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The RegTech market has shifted into overdrive in 2020, but it still suffers from the myths, fallacies, and misperceptions that can stunt the growth of any emerging industry – if it doesn’t respond to legacy-inspired rumbling and grumbling.

What are the biggest myths surrounding the RegTech market and threaten its growth?

We see these three misconceptions are at the top of the list:

Myth #1: It’s Not Worth the Investment. As nascent technologies take hold, and buzz develops, there is no shortage of legacy users that say they won’t pour money into RegTech right now, usually pointing to the limited use of commercially proven RegTech tools.

The fact is RegTech is flexing its financial muscles, with the industry expected to grow to $127 billion by 2024, up from $25 billion in 2019, according to Juniper Research. Increasingly it’s becoming apparent that RegTech inflows are due in large part to the results companies are getting from turning to RegTech-based tools.

“This growth will be driven by a dramatic rise in the automation of resource-intensive tasks, such as those involved in KYC (Know Your Customer) checks and increasing use of AI in transaction monitoring,” the Jupiter study notes. “AI is ideally suited to regulatory space, as it can dynamically reduce false positive and false negative rates; leading to significant time, resource and ultimately cost savings for compliance monitoring processes.”

Giving short shrift to RegTech given its impressive early track record and high growth rates is a mistake that could come back to haunt C-level executives who wait too long to deploy technology tools.


Myth #2: Regtech is too expensive for a young, emerging technology. While compliance officers tout the benefits of RegTech implementations, we’re adding company chief financial officers to the “satisfied customer” list.

That’s because CFOs, who earn their reputation of tossing nickels around like manhole covers, increasingly view RegTech as a big benefit to the corporate bottom line. More and more, companies are saving big bucks by leveraging the technology, and the data is starting to bear that sentiment out.

For example, as financial companies turn to AI, machine learning and other RegTech tools to more quickly implement brand new regulatory rules, the cash they save by acting quickly is mounting up.

According to the Juniper Research study, using RegTech to stay current on regulatory reporting and bolstering company-wide efforts on know-your-customer due diligence will generate cost savings of over $1 billion by 2024.

A separate study from KPMG Singapore shows that financial services companies that merge AI and robotics tools into their RegTech rotation can expect savings of up to 75% on internal processing costs.

Cost concerns are the bane of any new corporate initiative. So far, RegTech is showing CFOs that not only does the technology go hand in hand with long-term initiatives, it can save financial services companies that it’s a budget beater, too.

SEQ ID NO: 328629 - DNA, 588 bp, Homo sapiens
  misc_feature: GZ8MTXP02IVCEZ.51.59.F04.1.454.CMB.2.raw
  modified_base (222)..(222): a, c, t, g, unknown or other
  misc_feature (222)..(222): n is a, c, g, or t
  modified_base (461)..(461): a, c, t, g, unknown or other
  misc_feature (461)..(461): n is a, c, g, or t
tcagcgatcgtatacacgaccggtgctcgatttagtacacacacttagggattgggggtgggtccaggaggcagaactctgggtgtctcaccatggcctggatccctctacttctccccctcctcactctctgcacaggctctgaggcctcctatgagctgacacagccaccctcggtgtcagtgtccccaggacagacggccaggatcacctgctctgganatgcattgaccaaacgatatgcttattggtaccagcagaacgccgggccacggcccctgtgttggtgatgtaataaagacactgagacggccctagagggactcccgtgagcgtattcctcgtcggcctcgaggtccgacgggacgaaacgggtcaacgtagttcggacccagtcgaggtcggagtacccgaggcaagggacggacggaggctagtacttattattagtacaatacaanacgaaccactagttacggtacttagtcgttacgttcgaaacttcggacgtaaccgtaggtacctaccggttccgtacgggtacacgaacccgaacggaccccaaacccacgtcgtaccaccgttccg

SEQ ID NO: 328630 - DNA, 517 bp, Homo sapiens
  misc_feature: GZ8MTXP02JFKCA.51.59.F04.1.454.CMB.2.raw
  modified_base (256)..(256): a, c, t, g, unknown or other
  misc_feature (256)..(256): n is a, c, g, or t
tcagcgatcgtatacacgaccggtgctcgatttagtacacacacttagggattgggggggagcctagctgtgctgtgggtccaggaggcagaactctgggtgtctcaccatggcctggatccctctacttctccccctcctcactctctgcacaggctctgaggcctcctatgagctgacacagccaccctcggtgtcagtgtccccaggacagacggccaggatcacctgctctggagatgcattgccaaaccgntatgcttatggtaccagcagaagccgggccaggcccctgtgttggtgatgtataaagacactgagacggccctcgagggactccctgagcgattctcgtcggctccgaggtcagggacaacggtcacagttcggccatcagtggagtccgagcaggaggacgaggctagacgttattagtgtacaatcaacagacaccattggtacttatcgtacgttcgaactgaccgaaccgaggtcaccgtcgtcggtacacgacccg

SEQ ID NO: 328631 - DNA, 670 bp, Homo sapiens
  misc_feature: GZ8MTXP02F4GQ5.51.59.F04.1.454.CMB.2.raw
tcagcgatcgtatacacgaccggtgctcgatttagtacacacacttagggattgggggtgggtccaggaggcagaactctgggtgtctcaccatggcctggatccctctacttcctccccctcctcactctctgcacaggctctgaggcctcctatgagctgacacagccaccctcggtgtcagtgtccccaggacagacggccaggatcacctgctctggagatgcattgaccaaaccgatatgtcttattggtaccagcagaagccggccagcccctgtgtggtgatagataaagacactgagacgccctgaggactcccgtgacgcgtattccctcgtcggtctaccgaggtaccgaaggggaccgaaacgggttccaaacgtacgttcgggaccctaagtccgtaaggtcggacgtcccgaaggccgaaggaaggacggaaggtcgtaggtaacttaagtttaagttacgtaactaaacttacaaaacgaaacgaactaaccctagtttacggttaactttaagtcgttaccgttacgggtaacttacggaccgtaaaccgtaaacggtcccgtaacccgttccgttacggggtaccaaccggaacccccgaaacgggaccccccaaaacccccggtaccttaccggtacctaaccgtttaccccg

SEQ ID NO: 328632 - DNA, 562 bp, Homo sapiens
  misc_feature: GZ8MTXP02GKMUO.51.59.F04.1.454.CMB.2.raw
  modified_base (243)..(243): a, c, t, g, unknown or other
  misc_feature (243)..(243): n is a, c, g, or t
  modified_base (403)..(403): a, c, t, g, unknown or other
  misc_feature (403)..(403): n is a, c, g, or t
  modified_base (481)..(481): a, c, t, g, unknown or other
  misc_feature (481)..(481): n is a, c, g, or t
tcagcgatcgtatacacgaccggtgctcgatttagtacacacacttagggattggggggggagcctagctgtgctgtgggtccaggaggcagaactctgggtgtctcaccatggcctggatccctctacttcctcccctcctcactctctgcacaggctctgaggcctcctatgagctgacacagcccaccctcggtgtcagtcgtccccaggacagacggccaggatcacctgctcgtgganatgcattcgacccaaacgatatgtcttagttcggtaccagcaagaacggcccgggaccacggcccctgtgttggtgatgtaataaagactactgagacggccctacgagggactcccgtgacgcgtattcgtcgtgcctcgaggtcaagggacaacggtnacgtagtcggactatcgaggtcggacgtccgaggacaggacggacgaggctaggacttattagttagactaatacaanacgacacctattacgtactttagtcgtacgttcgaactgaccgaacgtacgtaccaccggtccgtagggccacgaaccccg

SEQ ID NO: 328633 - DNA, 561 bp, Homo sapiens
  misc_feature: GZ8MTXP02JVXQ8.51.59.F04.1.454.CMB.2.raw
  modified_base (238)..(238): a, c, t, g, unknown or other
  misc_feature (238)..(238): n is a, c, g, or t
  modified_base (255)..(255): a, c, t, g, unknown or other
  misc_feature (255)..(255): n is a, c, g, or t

Myth #3: Legacy systems can handle compliance tasks “just fine.” Any corporate financial officer understands the tradeoff between technology benefits and technology spending.

It will require purchasing and adopting a RegTech platform to modernize and update financial company regulatory systems, yet a large number of industry firms have resisted doing so, opting on legacy systems to handle the compliance burden.

According to a recent study by Wolters Kluwer’s Finance Risk & Reporting, and the Banker, only 6% of global banks surveyed had fully integrated regulatory workflow data (although many say upgrades are in development.)

Financial services companies that are slow on the draw with RegTech implementations and that continue to rely on legacy compliance management systems risk falling behind competitors and fast-moving financial regulatory requirements.

With new statutes in emerging compliance areas like cryptocurrencies, digital payments, privacy and new forms of cybersecurity threats, overwhelmed legacy systems struggle to keep pace, placing financial companies at higher risk of data loss, security breaches, and regulatory fines and penalties.

“Legacy compliance change management solutions were built as monolithic platforms intended to serve a broad horizontal market,” notes Forbes in a December 2019 profile on RegTech and legacy systems. “Designed for consultant-led initiatives, they were intended to be deployed across varied sectors, such as financial services, insurance and healthcare. As a result, legacy CMS is inherently difficult to deploy, onboard and keep updated.”

“Clearly, the time to modernize compliance management is now,” Forbes notes. “The risks are too high and the benefits accruing to RegTech early adopters are too great to put off modernization for even one day more.”

“After all, it takes only a single enforcement action to turn the CMS status quo into a disaster.”

Setting the Record Straight

The RegTech revolution continues to gather steam, rolling over the misperceptions and castigations laid out by financial services companies (and the legacy systems providers on their payroll) who resist the new age of regulatory compliance.

Even the regulators who make the rules understand that, and advise financial services companies to move forward on RegTech compliance systems.

“As financial services firms seek to keep pace with regulatory compliance requirements, they are turning to new and innovative regulatory technology (RegTech) tools to assist them in meeting their obligations in an effective and efficient manner,” the Financial Industry Regulatory Authority states in a recent report.

“These RegTech tools may facilitate the ability of firms to strengthen their compliance programs, which in turn has the potential to create safer markets and benefit investors.”

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